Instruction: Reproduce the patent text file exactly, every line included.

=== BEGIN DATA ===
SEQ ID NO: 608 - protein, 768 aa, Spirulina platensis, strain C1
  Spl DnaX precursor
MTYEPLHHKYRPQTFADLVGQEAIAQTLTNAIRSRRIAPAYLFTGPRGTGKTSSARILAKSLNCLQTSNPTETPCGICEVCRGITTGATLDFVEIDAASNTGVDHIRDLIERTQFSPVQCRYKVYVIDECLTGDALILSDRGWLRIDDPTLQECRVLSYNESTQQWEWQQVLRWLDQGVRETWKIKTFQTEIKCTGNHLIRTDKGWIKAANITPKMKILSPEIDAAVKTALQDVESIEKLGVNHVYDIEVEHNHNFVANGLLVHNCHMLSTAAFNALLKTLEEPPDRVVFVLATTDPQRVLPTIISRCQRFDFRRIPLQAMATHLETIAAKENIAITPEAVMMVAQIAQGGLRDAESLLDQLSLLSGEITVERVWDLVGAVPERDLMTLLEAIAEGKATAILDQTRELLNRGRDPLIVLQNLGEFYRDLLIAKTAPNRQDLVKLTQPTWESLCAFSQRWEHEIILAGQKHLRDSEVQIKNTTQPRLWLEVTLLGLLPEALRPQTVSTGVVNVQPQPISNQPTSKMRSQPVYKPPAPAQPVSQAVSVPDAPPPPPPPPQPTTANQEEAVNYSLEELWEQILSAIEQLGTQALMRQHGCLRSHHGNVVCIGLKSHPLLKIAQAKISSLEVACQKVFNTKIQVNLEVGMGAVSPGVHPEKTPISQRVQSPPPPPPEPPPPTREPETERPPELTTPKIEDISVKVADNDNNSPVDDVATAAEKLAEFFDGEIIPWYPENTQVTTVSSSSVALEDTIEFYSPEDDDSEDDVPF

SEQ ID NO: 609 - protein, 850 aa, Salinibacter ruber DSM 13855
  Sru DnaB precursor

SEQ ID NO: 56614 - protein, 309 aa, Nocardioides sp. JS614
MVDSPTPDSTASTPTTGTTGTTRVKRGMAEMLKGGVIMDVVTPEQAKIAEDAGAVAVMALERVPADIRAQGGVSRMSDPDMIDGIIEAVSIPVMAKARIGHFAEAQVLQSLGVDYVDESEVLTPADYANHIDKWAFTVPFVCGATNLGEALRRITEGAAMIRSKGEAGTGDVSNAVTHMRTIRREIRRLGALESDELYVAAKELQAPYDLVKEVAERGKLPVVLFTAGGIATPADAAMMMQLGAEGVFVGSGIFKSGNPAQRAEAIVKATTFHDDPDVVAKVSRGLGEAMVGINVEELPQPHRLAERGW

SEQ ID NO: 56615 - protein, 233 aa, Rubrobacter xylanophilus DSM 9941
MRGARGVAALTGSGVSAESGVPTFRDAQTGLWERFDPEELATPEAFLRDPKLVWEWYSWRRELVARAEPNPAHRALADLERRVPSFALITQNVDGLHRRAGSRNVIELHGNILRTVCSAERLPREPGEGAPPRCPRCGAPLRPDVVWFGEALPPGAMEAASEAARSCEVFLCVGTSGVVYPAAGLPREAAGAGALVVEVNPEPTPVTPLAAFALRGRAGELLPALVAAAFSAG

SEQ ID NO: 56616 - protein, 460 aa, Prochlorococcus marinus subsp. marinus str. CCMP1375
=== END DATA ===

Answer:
SEQ ID NO: 608 - protein, 768 aa, Spirulina platensis, strain C1
  Spl DnaX precursor
MTYEPLHHKYRPQTFADLVGQEAIAQTLTNAIRSRRIAPAYLFTGPRGTGKTSSARILAKSLNCLQTSNPTETPCGICEVCRGITTGATLDFVEIDAASNTGVDHIRDLIERTQFSPVQCRYKVYVIDECLTGDALILSDRGWLRIDDPTLQECRVLSYNESTQQWEWQQVLRWLDQGVRETWKIKTFQTEIKCTGNHLIRTDKGWIKAANITPKMKILSPEIDAAVKTALQDVESIEKLGVNHVYDIEVEHNHNFVANGLLVHNCHMLSTAAFNALLKTLEEPPDRVVFVLATTDPQRVLPTIISRCQRFDFRRIPLQAMATHLETIAAKENIAITPEAVMMVAQIAQGGLRDAESLLDQLSLLSGEITVERVWDLVGAVPERDLMTLLEAIAEGKATAILDQTRELLNRGRDPLIVLQNLGEFYRDLLIAKTAPNRQDLVKLTQPTWESLCAFSQRWEHEIILAGQKHLRDSEVQIKNTTQPRLWLEVTLLGLLPEALRPQTVSTGVVNVQPQPISNQPTSKMRSQPVYKPPAPAQPVSQAVSVPDAPPPPPPPPQPTTANQEEAVNYSLEELWEQILSAIEQLGTQALMRQHGCLRSHHGNVVCIGLKSHPLLKIAQAKISSLEVACQKVFNTKIQVNLEVGMGAVSPGVHPEKTPISQRVQSPPPPPPEPPPPTREPETERPPELTTPKIEDISVKVADNDNNSPVDDVATAAEKLAEFFDGEIIPWYPENTQVTTVSSSSVALEDTIEFYSPEDDDSEDDVPF

SEQ ID NO: 609 - protein, 850 aa, Salinibacter ruber DSM 13855
  Sru DnaB precursor

SEQ ID NO: 56614 - protein, 309 aa, Nocardioides sp. JS614
MVDSPTPDSTASTPTTGTTGTTRVKRGMAEMLKGGVIMDVVTPEQAKIAEDAGAVAVMALERVPADIRAQGGVSRMSDPDMIDGIIEAVSIPVMAKARIGHFAEAQVLQSLGVDYVDESEVLTPADYANHIDKWAFTVPFVCGATNLGEALRRITEGAAMIRSKGEAGTGDVSNAVTHMRTIRREIRRLGALESDELYVAAKELQAPYDLVKEVAERGKLPVVLFTAGGIATPADAAMMMQLGAEGVFVGSGIFKSGNPAQRAEAIVKATTFHDDPDVVAKVSRGLGEAMVGINVEELPQPHRLAERGW

SEQ ID NO: 56615 - protein, 233 aa, Rubrobacter xylanophilus DSM 9941
MRGARGVAALTGSGVSAESGVPTFRDAQTGLWERFDPEELATPEAFLRDPKLVWEWYSWRRELVARAEPNPAHRALADLERRVPSFALITQNVDGLHRRAGSRNVIELHGNILRTVCSAERLPREPGEGAPPRCPRCGAPLRPDVVWFGEALPPGAMEAASEAARSCEVFLCVGTSGVVYPAAGLPREAAGAGALVVEVNPEPTPVTPLAAFALRGRAGELLPALVAAAFSAG

SEQ ID NO: 56616 - protein, 460 aa, Prochlorococcus marinus subsp. marinus str. CCMP1375